Our gut microbiome’s state continues to be connected to various health effects, with the diversity of these microbial populations thought to play a critical role in our disease susceptibility and longevity. A small pilot study reveals that moderate consumption of lager beer may positively impact this diversity, whether it’s a classic brew or one of the increasingly popular non-alcoholic variations.
The study, led by experts from Portugal, aimed to build on previous research that suggested moderate beer drinking could boost the diversity of gut flora. The researchers investigated this theory in a randomized, double-blind study with 19 healthy males assigned to one of two groups and given 325 ml (11 oz) of either non-alcoholic or alcoholic beer with supper each day.
This was conducted over four weeks, with feces and blood samples taken before and after and the gut microbiota examined using RNA gene sequencing. Surprisingly, the researchers discovered that drinking this much beer had no effect on body weight, body fat mass, or blood markers for metabolism and heart health.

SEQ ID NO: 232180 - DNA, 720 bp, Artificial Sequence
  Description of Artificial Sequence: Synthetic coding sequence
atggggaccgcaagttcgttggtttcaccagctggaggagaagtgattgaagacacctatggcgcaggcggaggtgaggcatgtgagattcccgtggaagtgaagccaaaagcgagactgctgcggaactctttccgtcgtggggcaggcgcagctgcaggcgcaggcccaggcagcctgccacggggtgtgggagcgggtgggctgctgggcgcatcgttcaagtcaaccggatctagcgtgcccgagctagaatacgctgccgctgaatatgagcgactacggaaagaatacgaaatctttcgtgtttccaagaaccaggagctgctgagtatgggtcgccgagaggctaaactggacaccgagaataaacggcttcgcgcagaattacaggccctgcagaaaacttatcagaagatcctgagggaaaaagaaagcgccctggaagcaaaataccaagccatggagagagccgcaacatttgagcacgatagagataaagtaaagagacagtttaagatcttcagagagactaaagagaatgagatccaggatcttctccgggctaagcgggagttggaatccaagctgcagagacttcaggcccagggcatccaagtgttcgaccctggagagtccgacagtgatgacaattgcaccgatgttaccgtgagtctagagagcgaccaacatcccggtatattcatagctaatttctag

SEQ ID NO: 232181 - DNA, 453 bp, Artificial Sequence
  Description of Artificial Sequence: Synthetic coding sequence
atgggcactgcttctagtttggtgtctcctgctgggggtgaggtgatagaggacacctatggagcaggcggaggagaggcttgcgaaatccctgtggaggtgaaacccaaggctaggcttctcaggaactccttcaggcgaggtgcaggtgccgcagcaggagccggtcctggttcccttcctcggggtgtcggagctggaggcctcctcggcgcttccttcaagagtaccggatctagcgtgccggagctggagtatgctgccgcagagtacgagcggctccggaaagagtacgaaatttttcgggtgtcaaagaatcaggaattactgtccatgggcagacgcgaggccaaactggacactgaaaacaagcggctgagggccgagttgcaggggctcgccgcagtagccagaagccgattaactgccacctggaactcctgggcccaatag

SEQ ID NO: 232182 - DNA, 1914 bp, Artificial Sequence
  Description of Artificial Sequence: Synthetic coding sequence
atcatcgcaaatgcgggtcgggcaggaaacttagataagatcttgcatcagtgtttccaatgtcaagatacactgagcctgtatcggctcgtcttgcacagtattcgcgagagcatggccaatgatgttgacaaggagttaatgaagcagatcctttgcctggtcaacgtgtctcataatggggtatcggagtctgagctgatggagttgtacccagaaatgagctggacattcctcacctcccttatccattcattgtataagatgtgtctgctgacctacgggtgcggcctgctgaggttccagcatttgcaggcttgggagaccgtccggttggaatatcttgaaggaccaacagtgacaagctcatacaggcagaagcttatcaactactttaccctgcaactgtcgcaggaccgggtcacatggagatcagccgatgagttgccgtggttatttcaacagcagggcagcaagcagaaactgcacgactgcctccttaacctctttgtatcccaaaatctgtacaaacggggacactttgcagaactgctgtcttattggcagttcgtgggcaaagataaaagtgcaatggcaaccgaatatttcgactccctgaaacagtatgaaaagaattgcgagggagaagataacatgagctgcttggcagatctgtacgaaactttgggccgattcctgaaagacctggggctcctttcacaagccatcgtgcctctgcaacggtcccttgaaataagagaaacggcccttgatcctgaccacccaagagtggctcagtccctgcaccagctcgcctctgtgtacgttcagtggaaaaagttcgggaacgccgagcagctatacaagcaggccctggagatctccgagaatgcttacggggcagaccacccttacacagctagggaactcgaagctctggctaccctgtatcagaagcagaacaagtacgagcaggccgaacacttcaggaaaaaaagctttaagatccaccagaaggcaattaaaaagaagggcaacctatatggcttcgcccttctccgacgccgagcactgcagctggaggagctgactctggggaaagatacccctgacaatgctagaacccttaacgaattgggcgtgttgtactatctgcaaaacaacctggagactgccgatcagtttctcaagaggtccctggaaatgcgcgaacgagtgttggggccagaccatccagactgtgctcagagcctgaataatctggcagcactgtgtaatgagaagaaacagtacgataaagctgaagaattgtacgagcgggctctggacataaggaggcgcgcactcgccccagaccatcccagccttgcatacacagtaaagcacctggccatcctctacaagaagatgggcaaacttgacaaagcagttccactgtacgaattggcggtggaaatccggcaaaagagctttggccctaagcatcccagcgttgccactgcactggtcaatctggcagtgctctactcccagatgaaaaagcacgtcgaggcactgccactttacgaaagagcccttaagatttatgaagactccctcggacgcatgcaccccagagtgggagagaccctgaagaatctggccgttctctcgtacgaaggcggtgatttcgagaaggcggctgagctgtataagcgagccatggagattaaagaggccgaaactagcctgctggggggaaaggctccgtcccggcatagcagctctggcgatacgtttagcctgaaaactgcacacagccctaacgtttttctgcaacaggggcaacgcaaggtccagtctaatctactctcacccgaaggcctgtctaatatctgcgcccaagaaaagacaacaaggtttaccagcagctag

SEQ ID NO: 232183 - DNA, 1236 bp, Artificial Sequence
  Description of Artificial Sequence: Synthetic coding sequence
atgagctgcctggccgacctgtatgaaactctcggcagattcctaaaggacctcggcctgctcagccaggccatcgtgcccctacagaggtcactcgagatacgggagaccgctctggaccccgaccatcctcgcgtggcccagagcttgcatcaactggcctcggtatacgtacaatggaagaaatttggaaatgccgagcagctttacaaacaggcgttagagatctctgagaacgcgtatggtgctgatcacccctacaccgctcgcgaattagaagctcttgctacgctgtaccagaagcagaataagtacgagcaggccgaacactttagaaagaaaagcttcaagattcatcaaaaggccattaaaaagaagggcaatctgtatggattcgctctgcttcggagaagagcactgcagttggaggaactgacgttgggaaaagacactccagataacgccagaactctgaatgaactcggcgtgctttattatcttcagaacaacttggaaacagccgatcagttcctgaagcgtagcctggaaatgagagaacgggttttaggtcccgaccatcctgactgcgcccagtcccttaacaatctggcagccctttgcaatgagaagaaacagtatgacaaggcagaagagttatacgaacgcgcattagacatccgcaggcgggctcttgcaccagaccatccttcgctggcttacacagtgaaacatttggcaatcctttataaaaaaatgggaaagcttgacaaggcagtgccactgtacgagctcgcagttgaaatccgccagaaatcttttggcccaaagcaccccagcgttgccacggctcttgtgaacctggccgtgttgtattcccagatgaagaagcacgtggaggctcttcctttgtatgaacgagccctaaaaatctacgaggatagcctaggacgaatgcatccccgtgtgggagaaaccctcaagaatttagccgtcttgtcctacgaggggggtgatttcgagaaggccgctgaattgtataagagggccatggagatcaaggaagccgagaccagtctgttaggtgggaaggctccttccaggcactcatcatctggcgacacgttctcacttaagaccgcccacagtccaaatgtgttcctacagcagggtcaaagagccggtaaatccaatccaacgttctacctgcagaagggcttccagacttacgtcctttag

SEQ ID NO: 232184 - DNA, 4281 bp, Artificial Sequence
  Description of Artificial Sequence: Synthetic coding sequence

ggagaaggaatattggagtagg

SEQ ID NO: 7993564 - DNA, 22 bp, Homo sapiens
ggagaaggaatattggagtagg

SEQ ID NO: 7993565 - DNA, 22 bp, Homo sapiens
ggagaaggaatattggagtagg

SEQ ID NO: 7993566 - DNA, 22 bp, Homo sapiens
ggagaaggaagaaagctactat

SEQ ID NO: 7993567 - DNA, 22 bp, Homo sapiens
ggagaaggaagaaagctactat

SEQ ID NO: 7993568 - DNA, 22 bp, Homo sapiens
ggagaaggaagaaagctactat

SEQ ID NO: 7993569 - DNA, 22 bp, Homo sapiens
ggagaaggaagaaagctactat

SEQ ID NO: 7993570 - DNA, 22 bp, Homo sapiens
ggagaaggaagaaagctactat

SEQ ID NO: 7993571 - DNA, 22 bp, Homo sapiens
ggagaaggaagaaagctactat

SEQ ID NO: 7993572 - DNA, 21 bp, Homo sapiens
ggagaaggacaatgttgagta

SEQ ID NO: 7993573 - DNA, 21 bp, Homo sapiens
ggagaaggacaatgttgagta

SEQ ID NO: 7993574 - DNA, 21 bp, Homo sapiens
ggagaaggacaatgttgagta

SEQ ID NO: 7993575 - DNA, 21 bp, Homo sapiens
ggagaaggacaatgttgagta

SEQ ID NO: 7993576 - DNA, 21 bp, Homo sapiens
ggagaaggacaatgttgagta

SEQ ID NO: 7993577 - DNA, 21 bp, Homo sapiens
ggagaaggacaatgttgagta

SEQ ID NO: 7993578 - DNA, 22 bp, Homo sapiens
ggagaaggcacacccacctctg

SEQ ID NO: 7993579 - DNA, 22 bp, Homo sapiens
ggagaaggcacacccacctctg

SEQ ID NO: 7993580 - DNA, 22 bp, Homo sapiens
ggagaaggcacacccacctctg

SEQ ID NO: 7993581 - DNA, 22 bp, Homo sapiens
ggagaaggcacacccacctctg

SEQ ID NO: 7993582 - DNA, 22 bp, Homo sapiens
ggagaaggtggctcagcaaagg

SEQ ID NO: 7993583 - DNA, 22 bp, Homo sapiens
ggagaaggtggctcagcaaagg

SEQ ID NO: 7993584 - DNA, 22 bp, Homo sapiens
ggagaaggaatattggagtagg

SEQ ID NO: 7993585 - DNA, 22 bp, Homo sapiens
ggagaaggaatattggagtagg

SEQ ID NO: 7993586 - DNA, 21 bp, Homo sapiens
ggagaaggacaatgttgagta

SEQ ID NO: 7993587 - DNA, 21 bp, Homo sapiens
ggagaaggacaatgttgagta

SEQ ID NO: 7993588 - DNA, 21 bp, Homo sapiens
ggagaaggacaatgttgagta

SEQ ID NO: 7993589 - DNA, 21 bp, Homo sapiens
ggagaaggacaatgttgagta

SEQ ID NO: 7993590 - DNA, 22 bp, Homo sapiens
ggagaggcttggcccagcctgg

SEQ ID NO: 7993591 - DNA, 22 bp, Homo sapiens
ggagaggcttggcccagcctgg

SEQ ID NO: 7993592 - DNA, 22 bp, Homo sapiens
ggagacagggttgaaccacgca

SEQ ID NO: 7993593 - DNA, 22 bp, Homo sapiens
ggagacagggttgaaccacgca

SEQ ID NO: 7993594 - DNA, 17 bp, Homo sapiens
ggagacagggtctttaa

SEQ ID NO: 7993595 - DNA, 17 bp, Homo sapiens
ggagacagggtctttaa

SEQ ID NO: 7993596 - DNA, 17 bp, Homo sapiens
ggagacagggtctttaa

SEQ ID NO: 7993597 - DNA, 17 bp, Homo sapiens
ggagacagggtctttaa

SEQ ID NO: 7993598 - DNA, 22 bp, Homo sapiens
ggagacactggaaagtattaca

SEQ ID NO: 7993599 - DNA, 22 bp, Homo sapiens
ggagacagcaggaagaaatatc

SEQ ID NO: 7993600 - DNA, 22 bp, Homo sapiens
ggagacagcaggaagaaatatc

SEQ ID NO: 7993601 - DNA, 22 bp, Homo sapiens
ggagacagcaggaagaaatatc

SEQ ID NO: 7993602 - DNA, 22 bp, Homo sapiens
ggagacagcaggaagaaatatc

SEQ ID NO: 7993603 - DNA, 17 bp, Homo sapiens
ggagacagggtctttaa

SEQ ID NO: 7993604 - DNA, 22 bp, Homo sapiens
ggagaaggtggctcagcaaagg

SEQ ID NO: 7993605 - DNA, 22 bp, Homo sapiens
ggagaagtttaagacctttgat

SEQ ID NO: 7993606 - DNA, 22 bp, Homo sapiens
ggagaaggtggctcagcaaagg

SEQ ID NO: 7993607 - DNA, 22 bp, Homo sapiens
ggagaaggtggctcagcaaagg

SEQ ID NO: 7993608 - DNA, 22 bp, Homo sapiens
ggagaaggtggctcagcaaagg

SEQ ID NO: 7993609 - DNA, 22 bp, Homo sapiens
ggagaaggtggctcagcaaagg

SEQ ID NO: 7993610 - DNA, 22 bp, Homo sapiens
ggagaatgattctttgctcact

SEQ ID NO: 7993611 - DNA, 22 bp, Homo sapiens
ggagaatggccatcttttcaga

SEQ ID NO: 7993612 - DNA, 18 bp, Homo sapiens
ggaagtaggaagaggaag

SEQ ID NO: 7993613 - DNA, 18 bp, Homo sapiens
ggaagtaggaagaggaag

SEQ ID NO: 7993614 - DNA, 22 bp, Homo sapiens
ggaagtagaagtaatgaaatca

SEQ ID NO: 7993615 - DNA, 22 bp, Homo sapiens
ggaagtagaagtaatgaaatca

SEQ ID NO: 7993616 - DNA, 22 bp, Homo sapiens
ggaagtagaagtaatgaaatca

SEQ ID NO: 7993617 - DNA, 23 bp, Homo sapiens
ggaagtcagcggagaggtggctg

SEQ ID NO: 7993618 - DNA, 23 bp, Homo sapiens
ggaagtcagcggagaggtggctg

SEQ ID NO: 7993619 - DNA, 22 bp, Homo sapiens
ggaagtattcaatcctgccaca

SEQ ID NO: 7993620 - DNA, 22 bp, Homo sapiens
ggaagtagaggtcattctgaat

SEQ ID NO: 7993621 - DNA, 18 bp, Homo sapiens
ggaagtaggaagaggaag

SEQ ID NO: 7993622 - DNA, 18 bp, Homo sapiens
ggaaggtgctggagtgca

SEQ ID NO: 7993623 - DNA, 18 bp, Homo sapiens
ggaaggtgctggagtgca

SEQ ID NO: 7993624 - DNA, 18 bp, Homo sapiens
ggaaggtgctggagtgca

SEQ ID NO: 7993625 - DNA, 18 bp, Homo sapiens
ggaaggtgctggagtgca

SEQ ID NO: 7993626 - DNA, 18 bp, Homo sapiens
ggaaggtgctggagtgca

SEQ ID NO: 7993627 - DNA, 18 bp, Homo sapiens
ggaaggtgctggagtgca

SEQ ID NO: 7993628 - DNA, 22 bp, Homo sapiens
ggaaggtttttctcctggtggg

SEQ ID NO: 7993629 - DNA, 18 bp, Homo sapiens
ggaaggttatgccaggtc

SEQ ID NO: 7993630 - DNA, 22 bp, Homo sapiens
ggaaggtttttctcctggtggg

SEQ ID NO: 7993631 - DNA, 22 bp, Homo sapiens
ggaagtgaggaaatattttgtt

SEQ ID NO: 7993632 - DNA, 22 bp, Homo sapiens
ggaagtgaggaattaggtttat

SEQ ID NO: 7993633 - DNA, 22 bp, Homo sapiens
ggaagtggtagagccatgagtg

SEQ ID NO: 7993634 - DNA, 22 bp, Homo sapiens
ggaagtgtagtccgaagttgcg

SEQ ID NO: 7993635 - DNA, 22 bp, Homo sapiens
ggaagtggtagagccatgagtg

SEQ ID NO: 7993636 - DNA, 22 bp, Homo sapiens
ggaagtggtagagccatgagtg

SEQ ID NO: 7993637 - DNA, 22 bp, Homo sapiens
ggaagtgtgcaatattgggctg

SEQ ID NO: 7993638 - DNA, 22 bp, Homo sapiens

Both groups had more diverse gut flora and higher levels of fecal alkaline phosphatase, a marker of intestinal health. According to the researchers, they could be induced by polyphenols in the beer and microorganisms that aid in its fermentation.
While the findings imply that one bottle of beer per day may benefit gut health, the researchers stress that the safest level of alcohol use is none. Aside from well-known health hazards such as liver disease, heart disease, and high blood pressure, recent studies have revealed direct causal connections with cancer. Therefore, given that beer’s possible gut health benefits appear independent of alcohol, the study presents another reason to drink non-alcoholic beer.
The study was published on June 15, 2022, in the Journal of Agricultural and Food Chemistry.